Alberta Premier Jason Kenney says the federal government’s latest throne speech lays out an unconstitutional agenda and he’s prepared to take the feds back to court over it.

Kenney committed to “go to the wall” for the Canadian constitution Thursday morning in response to a question from True North’s Andrew Lawton.

“If the prime minister and the government proceed as announced in the throne speech yesterday, are there future lawsuits against them that you can anticipate based on the policies they’ve proposed that you think are not constitutional,” asked Lawton. 

“Absolutely, undoubtedly,” said Kenney. “If they go in the direction they articulated in the throne speech yesterday, we will go to the wall to defend the Canadian constitution.”

Kenney acknowledged that his government appeared before the Supreme Court of Canada this week for its constitutional challenge of the federal carbon tax alongside Saskatchewan and Ontario.

Kenney also pointed to the Alberta government’s challenge of the anti-pipeline Bill C-69.

“We will be at the Alberta Appeal Court next month for oral arguments on our constitutional challenge of the federal ‘no more pipelines’ law Bill C-69,” he said. “We are being supported in that by a number of other provinces including Quebec.”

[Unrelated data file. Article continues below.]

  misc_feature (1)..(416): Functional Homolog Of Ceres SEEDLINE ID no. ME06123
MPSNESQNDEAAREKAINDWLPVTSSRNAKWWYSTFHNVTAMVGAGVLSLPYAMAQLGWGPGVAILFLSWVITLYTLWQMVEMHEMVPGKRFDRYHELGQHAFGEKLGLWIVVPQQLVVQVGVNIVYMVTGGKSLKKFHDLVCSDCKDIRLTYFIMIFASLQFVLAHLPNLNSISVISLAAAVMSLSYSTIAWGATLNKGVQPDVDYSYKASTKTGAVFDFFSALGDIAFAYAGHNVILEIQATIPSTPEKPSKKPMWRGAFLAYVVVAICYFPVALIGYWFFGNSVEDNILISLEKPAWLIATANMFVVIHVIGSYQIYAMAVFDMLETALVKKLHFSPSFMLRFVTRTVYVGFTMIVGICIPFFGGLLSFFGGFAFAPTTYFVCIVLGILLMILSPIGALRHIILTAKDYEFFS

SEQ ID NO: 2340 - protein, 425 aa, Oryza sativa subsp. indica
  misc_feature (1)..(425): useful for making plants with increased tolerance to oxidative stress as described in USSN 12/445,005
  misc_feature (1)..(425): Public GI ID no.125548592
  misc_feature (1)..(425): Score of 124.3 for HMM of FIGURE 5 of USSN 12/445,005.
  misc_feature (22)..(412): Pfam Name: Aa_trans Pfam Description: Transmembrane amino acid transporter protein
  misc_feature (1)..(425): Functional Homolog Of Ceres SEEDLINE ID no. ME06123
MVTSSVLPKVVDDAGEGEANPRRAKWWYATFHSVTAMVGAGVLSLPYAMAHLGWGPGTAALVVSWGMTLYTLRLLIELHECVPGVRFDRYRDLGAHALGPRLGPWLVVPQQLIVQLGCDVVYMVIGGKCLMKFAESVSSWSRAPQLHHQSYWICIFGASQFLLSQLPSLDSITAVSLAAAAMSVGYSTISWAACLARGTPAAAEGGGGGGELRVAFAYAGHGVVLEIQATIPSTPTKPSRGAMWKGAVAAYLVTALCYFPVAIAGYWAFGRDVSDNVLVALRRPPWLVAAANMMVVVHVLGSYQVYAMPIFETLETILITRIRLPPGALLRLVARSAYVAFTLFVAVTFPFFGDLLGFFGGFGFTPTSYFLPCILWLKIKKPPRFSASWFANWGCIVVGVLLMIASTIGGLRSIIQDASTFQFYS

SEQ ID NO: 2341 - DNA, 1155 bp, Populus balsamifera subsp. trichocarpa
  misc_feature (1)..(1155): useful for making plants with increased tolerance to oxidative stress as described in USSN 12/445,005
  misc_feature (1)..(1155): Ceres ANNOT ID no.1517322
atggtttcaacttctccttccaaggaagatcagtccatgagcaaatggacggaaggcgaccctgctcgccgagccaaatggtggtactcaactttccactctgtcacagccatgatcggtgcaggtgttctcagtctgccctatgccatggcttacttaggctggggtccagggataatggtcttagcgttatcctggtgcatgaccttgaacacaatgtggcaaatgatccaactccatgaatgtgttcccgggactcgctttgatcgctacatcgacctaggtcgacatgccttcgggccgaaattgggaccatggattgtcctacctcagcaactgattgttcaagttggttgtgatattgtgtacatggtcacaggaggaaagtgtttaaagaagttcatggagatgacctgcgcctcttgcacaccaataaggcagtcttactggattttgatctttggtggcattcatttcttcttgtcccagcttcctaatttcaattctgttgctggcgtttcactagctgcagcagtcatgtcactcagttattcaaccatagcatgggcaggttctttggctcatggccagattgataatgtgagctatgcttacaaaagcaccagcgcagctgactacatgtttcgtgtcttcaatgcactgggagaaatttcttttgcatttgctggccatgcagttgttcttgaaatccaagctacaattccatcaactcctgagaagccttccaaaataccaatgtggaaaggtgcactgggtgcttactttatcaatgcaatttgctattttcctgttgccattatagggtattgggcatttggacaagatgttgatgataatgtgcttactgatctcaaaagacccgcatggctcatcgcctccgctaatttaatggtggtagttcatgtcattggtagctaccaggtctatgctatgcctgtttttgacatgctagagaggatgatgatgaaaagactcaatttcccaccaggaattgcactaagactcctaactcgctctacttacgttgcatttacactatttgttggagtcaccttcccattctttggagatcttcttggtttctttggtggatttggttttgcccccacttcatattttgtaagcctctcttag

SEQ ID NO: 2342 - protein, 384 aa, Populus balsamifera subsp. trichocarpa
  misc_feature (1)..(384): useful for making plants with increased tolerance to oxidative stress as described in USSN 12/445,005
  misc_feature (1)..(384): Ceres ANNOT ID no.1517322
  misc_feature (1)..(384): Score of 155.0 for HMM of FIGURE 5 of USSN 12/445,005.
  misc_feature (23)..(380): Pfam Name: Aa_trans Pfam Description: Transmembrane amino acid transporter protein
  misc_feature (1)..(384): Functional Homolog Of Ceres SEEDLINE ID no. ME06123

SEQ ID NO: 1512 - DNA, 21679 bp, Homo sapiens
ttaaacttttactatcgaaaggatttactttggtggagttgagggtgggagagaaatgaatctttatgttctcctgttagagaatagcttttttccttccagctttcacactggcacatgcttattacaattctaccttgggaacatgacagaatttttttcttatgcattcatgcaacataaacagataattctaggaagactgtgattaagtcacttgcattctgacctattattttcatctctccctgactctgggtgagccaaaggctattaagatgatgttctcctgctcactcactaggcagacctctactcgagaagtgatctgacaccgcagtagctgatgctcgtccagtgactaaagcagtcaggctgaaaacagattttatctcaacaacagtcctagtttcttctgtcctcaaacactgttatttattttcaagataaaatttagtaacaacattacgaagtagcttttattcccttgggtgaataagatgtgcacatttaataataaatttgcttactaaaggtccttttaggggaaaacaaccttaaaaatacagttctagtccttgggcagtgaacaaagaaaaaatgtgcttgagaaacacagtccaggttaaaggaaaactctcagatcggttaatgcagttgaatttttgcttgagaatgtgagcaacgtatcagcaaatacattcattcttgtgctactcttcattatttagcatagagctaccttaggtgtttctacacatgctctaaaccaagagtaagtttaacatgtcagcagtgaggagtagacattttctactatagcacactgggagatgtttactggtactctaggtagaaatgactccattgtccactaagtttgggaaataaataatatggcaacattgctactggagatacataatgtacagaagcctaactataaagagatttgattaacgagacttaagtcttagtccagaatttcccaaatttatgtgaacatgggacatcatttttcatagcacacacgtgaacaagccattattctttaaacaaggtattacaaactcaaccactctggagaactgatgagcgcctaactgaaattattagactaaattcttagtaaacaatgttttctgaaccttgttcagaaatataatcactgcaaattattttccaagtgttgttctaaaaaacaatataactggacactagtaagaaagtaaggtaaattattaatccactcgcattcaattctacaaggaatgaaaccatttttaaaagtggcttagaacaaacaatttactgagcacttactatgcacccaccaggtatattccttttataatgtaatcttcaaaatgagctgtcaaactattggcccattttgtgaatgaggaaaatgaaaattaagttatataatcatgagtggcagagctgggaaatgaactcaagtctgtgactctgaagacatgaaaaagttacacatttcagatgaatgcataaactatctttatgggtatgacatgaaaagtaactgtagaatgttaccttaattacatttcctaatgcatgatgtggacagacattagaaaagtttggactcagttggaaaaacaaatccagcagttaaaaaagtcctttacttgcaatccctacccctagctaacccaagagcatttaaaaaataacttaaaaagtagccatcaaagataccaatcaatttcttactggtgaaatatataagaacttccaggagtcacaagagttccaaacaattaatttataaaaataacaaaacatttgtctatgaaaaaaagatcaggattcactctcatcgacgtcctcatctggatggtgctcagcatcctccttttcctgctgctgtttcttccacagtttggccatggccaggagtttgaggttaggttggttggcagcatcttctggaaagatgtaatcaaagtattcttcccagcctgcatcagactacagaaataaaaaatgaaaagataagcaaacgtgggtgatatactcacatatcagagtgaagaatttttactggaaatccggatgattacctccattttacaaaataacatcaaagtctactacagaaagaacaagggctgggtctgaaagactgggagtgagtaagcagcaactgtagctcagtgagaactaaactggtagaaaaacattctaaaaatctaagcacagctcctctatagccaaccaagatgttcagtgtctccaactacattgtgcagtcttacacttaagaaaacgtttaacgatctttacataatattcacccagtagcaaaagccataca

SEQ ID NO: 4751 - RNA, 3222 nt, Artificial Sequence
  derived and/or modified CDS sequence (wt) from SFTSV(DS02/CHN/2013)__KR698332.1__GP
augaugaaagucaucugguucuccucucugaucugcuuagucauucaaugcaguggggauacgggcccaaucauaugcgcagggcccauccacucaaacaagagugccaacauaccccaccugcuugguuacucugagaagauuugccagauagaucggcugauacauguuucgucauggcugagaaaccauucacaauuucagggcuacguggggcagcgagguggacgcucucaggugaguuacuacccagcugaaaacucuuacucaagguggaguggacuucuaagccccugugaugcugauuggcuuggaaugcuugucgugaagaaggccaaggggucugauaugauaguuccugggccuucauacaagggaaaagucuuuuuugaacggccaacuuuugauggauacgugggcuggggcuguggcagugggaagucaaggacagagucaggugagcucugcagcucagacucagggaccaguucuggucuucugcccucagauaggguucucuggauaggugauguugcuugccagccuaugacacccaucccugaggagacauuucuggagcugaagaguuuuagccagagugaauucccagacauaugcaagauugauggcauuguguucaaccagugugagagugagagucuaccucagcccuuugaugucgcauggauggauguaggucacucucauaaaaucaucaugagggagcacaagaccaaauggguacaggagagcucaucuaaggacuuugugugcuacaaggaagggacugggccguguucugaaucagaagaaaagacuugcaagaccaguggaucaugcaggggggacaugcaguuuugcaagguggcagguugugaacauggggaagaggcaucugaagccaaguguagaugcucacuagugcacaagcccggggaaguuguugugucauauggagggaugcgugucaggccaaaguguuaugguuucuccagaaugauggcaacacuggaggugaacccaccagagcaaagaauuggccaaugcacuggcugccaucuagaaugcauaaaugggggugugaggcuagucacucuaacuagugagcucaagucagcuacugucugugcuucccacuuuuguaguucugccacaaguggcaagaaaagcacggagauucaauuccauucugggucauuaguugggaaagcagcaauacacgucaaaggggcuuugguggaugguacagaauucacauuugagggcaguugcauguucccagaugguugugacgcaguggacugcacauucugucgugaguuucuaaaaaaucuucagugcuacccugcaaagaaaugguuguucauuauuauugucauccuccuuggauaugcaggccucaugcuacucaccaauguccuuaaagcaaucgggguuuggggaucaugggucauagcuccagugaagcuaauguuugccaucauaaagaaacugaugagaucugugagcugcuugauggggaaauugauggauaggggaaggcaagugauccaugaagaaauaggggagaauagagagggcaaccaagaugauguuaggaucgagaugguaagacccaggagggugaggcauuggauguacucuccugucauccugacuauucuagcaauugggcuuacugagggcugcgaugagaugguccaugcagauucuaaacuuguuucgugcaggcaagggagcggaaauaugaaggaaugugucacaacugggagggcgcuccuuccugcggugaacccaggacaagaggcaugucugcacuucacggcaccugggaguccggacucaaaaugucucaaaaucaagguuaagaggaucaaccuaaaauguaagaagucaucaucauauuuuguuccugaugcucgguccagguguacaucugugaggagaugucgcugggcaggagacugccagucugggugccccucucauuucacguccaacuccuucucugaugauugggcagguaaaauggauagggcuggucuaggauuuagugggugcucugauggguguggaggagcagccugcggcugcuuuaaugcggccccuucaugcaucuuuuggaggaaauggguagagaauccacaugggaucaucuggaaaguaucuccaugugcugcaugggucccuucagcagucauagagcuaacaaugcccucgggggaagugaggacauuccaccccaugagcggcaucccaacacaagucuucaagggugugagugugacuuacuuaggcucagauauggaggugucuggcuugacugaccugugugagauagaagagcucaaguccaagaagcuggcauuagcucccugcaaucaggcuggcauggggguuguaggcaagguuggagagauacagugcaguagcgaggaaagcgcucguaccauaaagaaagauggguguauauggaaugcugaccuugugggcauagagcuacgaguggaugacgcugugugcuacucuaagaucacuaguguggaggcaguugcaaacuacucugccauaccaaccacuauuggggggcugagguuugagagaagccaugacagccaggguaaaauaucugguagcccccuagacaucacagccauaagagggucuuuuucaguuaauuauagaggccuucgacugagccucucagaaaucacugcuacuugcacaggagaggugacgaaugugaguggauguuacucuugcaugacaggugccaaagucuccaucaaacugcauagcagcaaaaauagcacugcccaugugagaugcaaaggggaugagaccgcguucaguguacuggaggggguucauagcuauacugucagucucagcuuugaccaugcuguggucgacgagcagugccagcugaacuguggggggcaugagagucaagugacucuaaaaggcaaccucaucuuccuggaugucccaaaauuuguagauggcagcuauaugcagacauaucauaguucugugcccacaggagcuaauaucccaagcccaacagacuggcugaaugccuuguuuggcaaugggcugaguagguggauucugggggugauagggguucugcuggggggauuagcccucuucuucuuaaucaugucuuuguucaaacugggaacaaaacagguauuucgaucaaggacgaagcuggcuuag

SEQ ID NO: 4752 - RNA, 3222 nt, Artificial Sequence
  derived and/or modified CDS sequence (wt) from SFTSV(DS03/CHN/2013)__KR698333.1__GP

Kenney didn’t mention which of the throne speech policies in particular he found unconstitutional, but accused Trudeau of an assault on Canadian federalism.

“We are big Canadians, but that means a federation where the federal government respects how the constitution was originally designed,” Kenney said. “Yesterday was a complete inversion of the original vision of the federation.”

Kenney added that Pierre Trudeau’s government in the 1970s was “like a walk in the park compared to the gross interference in the exclusive jurisdiction of provinces” in this Trudeau government.

Kenney made these comments only one day after the House of Commons returned following Trudeau’s August prorogation. The throne speech kicking off the parliamentary session laid out an aggressive array of federal programs, including national pharmacare and daycare plans. 

Shortly after Wednesday’s speech, Kenney accused Trudeau ignoring Alberta.

“There’s a whole lot wrong,” Kenney tweeted. “Regarding our economy, nothing was said. The word ‘energy’ appears 7 times, 5 of them relating to renewable, clean, efficient, etc. The words ‘oil’, ‘gas’ and ‘oilsands’ do not pass their lips.”

The throne speech didn’t address western alienation or national unity, either.

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